Not Just for Books: Public Libraries Partnering with Police to Engage Communities with Open Data

Police Foundation (@PoliceFound) & Jeff Asher

Est. read time: 4 minutes

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Chief Christopher Blue, Chapel Hill Police (Photo Courtesy of Chapel Hill Library, Chapel Hill Police Department).

Available open datasets from law enforcement agencies in the Police Data Initiative (PDI) are becoming increasingly diverse and so too are the partners that help connect police data to communities. Two PDI agencies are leveraging unique partnerships with their local library systems to host police open data and encourage the public’s use of the data. These partnerships are consistent with Pew Research Center findings presented in June of 2016 that confirm that “large majorities of Americans see libraries as part of the educational ecosystem and as resources for promoting digital and information literacy.”

Chattanooga, Tennessee

The Chattanooga Public Library partnered with the City of Chattanooga, the Chattanooga Police Department, and the Open Chattanooga Brigade to provide data online through the library’s website, data.chattlibrary.org, in early 2016, along with other city agencies. The goal of the Chattanooga Open Data Portal is “to give citizens access to community data for solving problems, informing themselves and others, and better interacting with the community around them.” The portal, hosted by Socrata, includes a performance dashboard to track city-wide performance goals, including public safety measures such as reduced domestic violence and violent crime. According to Chattanooga Police Chief of Staff David Roddy the department was driven to place data online because “this is the community’s data. It’s the community’s actions, victimization, response . . . So we need to make that as available and transparent as we can.”[1]

Melinda Harris is a former crime analyst for the Chattanooga Police Department who recently began working on open data for the City of Chattanooga. Harris sees the library as a natural repository for open data “because you’re removing a lot of barriers while providing a neutrality of where the data’s coming from. It isn’t the city pushing data out that only they want, it’s open source coming from the public library.” She also points out that libraries are already the place people go when they are seeking information. “If they need help, the citizens know they can come in and find someone who can help them find the data they’re looking for.”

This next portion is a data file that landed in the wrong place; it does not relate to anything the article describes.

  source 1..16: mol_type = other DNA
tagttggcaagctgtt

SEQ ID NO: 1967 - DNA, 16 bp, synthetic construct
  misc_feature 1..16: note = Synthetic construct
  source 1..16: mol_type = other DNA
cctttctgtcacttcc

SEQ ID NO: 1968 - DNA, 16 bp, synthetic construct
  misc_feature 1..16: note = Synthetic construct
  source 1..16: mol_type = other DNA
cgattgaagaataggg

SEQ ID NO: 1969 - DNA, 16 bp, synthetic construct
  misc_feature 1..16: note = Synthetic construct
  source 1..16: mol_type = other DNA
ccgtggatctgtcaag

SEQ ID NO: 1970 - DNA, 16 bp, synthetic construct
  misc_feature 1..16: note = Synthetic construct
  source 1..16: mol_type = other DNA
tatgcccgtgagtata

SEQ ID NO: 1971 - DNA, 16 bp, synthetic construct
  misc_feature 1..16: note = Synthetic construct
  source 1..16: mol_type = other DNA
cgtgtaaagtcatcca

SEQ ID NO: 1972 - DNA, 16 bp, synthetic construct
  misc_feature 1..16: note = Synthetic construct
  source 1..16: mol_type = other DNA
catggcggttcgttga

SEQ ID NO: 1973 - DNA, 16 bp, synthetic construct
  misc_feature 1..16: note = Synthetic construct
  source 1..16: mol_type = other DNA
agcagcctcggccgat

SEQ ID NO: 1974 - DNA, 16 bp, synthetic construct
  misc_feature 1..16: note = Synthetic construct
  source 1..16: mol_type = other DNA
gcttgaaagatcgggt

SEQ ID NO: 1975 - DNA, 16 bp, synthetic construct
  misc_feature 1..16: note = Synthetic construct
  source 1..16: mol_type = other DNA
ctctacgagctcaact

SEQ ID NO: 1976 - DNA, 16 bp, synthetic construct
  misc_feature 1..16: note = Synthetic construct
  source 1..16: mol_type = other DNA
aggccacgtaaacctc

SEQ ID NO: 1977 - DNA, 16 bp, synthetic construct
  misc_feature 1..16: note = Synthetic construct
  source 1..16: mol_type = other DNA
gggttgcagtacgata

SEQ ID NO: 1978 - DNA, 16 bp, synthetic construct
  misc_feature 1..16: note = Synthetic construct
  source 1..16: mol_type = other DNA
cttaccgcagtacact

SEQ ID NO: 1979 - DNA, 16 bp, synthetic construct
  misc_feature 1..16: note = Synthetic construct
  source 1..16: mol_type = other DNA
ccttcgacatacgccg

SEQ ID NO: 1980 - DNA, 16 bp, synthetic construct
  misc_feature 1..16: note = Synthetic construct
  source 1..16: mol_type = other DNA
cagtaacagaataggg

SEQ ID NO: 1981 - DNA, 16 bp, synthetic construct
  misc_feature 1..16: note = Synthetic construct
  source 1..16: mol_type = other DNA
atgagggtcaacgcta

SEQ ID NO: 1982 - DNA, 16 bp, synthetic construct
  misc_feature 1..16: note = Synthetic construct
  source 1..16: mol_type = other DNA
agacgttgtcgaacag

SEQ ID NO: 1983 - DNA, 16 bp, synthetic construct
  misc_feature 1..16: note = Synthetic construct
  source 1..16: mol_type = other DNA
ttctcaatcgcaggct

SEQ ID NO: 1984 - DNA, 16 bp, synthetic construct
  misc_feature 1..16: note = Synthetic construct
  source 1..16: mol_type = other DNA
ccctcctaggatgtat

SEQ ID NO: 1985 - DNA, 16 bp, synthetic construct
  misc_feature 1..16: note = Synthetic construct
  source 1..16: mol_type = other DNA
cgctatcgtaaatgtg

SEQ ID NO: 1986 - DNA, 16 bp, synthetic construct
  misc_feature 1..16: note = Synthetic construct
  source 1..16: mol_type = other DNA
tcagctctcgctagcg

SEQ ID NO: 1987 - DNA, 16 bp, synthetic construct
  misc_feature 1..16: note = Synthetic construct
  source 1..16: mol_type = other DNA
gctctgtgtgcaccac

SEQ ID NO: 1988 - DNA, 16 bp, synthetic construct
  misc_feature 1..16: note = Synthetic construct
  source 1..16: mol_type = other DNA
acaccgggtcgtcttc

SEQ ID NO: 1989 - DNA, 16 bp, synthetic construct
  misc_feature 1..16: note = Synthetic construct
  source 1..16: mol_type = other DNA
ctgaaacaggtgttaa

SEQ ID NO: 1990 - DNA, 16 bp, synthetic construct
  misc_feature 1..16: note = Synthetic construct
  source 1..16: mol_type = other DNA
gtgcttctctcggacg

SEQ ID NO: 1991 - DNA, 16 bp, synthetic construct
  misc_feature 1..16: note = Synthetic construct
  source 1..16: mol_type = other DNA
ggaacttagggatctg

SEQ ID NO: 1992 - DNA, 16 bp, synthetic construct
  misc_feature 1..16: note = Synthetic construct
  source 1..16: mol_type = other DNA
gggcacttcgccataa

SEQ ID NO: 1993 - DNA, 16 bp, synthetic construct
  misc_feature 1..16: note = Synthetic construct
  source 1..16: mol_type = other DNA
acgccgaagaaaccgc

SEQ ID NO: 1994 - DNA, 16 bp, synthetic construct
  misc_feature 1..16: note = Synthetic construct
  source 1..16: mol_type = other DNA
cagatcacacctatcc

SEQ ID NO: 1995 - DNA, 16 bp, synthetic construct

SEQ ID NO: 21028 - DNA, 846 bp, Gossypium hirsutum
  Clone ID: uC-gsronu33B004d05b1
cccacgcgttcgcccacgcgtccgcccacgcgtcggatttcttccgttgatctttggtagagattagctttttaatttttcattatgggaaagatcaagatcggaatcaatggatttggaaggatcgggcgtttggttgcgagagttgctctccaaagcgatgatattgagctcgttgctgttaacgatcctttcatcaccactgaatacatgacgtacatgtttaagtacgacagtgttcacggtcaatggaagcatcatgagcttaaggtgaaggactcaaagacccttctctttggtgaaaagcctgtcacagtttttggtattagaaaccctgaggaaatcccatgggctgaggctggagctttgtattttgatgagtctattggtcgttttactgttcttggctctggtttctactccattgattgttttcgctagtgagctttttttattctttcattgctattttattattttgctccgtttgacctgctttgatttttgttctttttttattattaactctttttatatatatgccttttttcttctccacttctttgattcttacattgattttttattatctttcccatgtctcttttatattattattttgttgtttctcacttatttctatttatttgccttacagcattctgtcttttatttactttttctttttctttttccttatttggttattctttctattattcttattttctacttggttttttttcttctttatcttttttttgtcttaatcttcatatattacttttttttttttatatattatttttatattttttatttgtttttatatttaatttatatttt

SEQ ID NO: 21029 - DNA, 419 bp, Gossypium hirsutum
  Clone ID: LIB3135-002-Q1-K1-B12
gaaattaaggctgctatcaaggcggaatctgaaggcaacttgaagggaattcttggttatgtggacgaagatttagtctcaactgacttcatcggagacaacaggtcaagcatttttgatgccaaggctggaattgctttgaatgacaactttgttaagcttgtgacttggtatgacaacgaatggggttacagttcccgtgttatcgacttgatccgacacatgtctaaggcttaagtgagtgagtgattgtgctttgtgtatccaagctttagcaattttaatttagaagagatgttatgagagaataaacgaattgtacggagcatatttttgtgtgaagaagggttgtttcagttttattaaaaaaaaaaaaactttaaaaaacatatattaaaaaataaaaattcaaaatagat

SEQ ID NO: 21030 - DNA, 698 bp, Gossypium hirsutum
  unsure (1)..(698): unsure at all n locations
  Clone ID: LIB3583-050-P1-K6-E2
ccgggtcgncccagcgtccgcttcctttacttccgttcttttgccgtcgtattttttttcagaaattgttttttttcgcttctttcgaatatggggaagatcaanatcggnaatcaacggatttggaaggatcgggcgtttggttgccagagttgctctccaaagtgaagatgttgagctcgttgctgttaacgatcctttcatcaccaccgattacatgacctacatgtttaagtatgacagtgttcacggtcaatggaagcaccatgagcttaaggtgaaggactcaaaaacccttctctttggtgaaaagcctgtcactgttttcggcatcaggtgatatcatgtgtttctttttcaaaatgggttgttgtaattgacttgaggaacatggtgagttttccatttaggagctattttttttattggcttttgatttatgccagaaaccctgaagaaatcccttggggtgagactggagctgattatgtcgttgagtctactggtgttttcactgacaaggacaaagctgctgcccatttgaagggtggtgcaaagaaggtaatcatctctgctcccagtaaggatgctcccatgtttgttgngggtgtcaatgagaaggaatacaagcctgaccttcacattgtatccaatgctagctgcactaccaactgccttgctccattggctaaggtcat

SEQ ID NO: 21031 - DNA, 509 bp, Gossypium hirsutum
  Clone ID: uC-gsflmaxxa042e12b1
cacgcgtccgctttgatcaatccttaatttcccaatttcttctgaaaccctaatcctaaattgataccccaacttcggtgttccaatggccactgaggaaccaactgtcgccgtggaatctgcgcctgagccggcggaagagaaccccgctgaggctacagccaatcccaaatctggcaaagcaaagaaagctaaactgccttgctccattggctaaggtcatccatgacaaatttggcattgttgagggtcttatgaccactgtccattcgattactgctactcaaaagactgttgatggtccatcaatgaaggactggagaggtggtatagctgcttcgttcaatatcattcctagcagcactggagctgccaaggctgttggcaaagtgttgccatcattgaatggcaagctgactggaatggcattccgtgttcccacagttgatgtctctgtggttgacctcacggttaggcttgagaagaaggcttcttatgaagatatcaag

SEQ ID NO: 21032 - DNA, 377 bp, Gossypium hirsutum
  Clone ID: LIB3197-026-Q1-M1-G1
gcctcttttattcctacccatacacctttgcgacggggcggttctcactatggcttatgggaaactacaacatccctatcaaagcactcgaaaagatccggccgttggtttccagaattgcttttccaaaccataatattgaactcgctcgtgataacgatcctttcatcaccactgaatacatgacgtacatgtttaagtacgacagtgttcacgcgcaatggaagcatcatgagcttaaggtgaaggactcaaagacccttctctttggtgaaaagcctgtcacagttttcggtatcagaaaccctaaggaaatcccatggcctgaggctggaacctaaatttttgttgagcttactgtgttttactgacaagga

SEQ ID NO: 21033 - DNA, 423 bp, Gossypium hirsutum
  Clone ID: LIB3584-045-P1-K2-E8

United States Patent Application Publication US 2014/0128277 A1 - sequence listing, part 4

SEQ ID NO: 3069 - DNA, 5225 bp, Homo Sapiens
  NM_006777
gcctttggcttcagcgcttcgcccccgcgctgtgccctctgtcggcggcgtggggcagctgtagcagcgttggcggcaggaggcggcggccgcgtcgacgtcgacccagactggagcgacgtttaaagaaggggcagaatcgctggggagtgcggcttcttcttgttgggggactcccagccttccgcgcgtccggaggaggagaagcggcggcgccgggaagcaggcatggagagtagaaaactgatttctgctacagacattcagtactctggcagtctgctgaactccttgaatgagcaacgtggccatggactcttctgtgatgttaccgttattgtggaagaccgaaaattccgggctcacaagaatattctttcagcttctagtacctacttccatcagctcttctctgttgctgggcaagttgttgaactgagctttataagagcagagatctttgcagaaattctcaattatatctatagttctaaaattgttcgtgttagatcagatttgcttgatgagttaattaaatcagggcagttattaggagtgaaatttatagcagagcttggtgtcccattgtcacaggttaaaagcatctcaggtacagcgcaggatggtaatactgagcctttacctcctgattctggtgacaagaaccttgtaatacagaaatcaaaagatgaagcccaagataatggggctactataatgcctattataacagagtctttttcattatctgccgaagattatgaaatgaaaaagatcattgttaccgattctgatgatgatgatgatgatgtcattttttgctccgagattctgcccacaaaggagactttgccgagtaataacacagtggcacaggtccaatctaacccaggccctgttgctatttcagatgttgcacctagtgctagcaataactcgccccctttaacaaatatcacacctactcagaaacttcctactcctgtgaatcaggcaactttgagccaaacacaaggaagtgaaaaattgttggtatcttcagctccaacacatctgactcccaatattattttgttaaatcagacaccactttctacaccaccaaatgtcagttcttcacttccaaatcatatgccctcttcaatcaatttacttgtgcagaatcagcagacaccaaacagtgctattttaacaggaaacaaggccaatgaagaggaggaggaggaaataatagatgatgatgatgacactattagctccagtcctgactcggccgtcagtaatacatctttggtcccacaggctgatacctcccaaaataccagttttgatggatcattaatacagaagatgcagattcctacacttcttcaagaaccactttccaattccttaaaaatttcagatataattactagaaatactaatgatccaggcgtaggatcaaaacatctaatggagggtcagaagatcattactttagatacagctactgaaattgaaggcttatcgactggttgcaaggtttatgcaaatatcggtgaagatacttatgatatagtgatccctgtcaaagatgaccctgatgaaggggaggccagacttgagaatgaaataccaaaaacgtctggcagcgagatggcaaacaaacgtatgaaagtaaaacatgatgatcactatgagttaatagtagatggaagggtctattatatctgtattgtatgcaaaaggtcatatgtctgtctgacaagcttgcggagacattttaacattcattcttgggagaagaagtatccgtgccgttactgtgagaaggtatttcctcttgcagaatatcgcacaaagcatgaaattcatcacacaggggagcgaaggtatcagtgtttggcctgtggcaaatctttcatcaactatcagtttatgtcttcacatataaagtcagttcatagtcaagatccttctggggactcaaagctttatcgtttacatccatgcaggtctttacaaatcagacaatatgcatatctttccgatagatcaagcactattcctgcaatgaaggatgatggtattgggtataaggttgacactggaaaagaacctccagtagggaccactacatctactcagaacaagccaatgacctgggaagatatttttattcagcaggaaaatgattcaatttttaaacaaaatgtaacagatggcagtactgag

Chapel Hill, North Carolina

The Chapel Hill Public Library hosts the city’s open data collection at chapelhillopendata.org with the stated objective of increasing “government transparency by facilitating public access to local government information.” Using the OpenDataSoft platform, Chapel Hill began placing data online in 2016. The Portal includes public safety related datasets on agency demographics, traffic stops and bicycle and pedestrian crashes. Community satisfaction survey data is also included, regarding a variety of police department responsibilities and overall satisfaction. Police Chief Chris Blue believes “it’s fantastic to have that information out there. I mean it is our community’s information.”[2] In addition to hosting data, the Chapel Hill Public Library hosted an Open Data Day in January 2017 in order to demonstrate the power of open data, introduce the portal and data to the community, and discuss ways to improve the product with the community.